Film review – Wall Street: Money Never Sleeps (2010)

19 September 2010
Wall Street: Money Never Sleeps - Gordon Gekko (Michael Douglas)

Gordon Gekko (Michael Douglas)

Michael Douglas’s Gordon Gekko character from Oliver Stone’s 1987 film Wall Street embodied capitalism at its worst. Gekko was a corporate raider whose desire to generate wealth for its own sake eclipsed any sense of moral or legal accountability. However, Wall Street reportedly had the bizarre counter effect of actually inspiring people, who were turned on by the idea that greed is good, to become stockbrokers. If stockbrokers today really have modelled themselves on Gekko then is it any wonder that the resulting financial culture of unsustainable lending and speculation led to the 2008 market crash? With this in mind it makes perfect sense for Stone to resurrect the Gekko character in order to explore the events leading up to, and the outcomes of, the Global Financial Crisis.

Gekko for the most part is not the focus of the film but a strange spectre who lurks in the background of the narrative as part mythical legend, part fallen angel and part broken man. Since the first film he has spent eight years in prison, lost his family and lost his wealth. Nevertheless, he is still something of a hero to a new generation, including Jake Moore (Shia LaBeouf) an already highly successful proprietary trader who is living with Gekko’s estranged daughter Winnie (Carey Mulligan). Jake is attempting to make his fortune from investing in green energy, which is the next major boom market. Young, confident and hungry for success Jake is a gentler version of the type of characters from the original film and somewhat of an idealist, despite what he tells himself.

Wall Street: Money Never Sleeps - Jake Moore (Shia LaBeouf) and Winnie Gekko (Carey Mulligan)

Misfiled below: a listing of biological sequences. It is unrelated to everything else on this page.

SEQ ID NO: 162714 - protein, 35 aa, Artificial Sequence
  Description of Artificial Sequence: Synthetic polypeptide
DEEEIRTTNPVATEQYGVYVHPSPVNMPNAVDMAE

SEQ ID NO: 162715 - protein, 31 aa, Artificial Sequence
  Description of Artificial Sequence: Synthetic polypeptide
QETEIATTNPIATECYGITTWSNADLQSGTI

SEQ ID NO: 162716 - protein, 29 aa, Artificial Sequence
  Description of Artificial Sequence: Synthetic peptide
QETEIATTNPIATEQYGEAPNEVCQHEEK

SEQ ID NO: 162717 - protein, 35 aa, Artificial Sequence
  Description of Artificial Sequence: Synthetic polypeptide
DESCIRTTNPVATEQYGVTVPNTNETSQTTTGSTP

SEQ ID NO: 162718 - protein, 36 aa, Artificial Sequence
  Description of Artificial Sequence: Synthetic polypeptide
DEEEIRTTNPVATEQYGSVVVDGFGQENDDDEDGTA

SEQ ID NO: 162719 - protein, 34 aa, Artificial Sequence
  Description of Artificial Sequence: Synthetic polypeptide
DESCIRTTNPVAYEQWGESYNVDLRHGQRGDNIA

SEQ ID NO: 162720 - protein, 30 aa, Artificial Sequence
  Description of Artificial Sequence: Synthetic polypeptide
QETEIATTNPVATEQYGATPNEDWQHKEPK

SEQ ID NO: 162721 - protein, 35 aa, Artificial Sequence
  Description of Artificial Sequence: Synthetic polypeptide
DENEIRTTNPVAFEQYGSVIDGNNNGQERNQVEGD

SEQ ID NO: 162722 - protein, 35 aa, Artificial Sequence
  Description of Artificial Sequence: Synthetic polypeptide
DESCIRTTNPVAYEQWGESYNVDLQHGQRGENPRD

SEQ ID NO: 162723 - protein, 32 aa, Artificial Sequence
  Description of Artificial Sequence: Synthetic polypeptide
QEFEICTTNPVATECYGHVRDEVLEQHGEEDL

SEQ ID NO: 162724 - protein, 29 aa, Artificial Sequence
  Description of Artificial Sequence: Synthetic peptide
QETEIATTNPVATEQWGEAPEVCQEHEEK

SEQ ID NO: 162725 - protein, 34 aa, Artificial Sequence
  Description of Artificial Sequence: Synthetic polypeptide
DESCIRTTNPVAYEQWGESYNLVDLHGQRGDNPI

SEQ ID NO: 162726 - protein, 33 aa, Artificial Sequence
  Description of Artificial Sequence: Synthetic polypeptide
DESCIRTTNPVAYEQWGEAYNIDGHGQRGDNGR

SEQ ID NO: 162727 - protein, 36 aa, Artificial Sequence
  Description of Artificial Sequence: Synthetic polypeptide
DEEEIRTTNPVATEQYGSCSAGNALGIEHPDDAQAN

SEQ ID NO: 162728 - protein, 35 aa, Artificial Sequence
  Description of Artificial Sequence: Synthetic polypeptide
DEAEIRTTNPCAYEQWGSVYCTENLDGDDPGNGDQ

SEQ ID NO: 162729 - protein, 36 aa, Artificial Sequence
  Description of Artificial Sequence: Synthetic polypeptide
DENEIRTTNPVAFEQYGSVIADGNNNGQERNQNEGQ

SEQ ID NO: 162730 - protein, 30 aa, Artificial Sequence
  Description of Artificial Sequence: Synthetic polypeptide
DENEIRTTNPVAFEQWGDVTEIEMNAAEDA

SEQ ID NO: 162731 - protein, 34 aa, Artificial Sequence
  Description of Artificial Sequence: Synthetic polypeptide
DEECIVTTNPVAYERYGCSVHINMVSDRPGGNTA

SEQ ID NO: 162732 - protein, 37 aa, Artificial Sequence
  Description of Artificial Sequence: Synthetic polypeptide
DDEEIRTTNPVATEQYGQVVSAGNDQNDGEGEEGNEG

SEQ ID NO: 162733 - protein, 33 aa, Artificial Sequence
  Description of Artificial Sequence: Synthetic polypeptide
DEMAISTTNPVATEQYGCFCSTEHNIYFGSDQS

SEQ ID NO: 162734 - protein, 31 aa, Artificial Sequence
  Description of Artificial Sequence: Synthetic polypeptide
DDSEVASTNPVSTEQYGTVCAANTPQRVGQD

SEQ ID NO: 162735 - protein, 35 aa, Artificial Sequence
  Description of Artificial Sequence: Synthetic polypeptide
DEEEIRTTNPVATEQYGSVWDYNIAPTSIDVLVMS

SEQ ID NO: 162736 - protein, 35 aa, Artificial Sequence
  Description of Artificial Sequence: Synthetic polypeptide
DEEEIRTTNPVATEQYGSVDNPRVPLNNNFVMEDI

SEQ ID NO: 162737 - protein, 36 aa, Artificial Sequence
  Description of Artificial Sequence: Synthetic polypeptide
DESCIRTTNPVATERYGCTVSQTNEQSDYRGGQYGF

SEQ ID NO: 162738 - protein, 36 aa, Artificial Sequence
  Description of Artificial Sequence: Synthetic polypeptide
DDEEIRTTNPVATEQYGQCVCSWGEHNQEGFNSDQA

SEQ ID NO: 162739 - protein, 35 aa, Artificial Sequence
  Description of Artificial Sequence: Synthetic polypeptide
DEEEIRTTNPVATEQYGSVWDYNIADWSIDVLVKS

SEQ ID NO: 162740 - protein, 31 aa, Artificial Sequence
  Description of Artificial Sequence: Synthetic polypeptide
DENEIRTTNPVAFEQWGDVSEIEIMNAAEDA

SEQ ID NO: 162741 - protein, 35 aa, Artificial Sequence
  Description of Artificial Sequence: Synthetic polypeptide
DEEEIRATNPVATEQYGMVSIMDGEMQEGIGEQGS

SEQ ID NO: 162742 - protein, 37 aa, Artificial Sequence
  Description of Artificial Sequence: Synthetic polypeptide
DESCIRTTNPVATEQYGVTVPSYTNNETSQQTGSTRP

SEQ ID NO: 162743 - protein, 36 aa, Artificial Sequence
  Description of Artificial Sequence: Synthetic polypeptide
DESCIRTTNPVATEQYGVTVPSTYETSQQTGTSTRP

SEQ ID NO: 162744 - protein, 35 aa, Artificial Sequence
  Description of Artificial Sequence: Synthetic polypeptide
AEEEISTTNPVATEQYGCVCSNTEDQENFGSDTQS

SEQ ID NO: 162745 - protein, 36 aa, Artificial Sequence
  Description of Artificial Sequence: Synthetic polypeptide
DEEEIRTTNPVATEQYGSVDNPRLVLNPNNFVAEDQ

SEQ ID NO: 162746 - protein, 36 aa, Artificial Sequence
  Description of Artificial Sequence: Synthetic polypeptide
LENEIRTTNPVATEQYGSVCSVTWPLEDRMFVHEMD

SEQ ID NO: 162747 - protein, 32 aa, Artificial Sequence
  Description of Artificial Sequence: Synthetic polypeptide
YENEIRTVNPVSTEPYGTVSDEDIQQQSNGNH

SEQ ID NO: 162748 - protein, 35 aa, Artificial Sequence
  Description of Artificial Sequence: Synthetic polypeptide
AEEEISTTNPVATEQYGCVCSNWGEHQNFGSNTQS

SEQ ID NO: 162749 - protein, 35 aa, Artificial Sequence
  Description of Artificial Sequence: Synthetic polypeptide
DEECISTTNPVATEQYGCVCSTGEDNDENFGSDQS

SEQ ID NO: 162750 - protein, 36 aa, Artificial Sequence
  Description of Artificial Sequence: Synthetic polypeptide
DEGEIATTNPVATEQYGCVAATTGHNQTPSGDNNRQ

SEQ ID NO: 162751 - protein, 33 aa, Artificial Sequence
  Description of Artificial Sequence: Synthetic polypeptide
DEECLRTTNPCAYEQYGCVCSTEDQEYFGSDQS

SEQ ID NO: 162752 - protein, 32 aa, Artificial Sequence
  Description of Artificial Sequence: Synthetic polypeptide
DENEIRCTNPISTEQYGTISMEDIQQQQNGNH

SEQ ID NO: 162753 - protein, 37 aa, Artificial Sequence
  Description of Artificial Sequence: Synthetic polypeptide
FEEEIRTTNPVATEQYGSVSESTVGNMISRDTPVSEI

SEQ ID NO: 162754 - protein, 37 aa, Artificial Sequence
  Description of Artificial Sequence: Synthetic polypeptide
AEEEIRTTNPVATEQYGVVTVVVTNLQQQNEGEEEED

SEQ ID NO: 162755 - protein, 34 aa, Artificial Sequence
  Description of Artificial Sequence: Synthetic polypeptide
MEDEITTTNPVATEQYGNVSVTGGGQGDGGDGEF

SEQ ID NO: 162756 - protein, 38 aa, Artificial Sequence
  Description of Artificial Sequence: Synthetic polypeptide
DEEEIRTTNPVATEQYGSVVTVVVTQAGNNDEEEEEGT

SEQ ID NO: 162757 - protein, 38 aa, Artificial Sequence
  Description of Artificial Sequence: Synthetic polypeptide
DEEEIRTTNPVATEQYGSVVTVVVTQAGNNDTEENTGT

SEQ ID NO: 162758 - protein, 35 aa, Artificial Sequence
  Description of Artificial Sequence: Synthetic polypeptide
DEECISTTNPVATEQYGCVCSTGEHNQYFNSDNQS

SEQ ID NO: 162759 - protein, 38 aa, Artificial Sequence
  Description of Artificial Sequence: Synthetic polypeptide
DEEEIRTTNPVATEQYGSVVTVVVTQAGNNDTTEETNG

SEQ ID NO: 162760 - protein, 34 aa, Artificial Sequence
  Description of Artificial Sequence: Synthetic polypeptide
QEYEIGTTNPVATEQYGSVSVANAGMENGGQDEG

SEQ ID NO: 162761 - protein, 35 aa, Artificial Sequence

Jake Moore (Shia LaBeouf) and Winnie Gekko (Carey Mulligan)

Stone’s politics are still worn proudly on his sleeve but he has mellowed somewhat as the expression of those politics is no longer so aggressive and his visual style has significantly calmed down from the Brechtian excesses of his 1990s films. After World Trade Centre and W, Wall Street: Money Never Sleeps is his third film made very closely after the events the films are examining. However, Stone and screenwriter Allan Loeb’s ability to make sense of what happened and incorporate those events into a compelling drama is very impressive. Meeting scenes set inside boardrooms could have been deathly dull but Stone communicates the significance of such meetings with his engaging directing style. The film is full of financial jargon that a layperson will not be able to fully understand but it is all contextualised in a way that gives you a sense of what is being spoken about. Like listening to an unfamiliar dialect or slang, you always have a sense of what it going on even if some finer details are lost.

Wall Street: Money Never Sleeps is probably as good a film about the GFC as can be expected. It also explores the fascinating position that renewable energy has in the market, the growing role of new media, the devastating impact of credit culture and, of course, the intrinsic immorality of relentlessly pursuing money over all other considerations. Stone also meditates on what people value most when they look back on their lives and issues of fatherhood (literal and symbolic, inspiring and brutal) also play a big role. The film does undercut itself badly with an unconvincing and contrived final scene and then credit sequence, but it is otherwise a compelling drama and a convincing vehicle to return Douglas to the screen as the infamous Gordon Gekko.

© Thomas Caldwell, 2010

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Film review – W. (2008)

25 February 2009
George W. Bush (Josh Brolin)

George W. Bush (Josh Brolin)

W. is the third film that director Oliver Stone has based around the USA presidency (JFK and Nixon are his previous efforts). It is also a curiously restrained film considering Stone’s past tendency to make controversial films containing an excessive use of film style, Natural Born Killers and Platoon being two notable examples. Despite the occasional use of heavily ironic music, W. is not the all out ridiculing attack on Bush that many people may assume it to be. Looking at the range and depth of source material that the film was based upon, it appears to be an incredibly well researched film. It examines Bush as a rebellious young man who despite his highly privileged background couldn’t hold down a job until the age of 40 when he turned his life around to eventually become the president of the free world. While W. does heavily focus on the era between October 2001 and March 2003 when America went to war with Iraq, Stone’s primary interest lies in the complex relationship that Bush had with his father.

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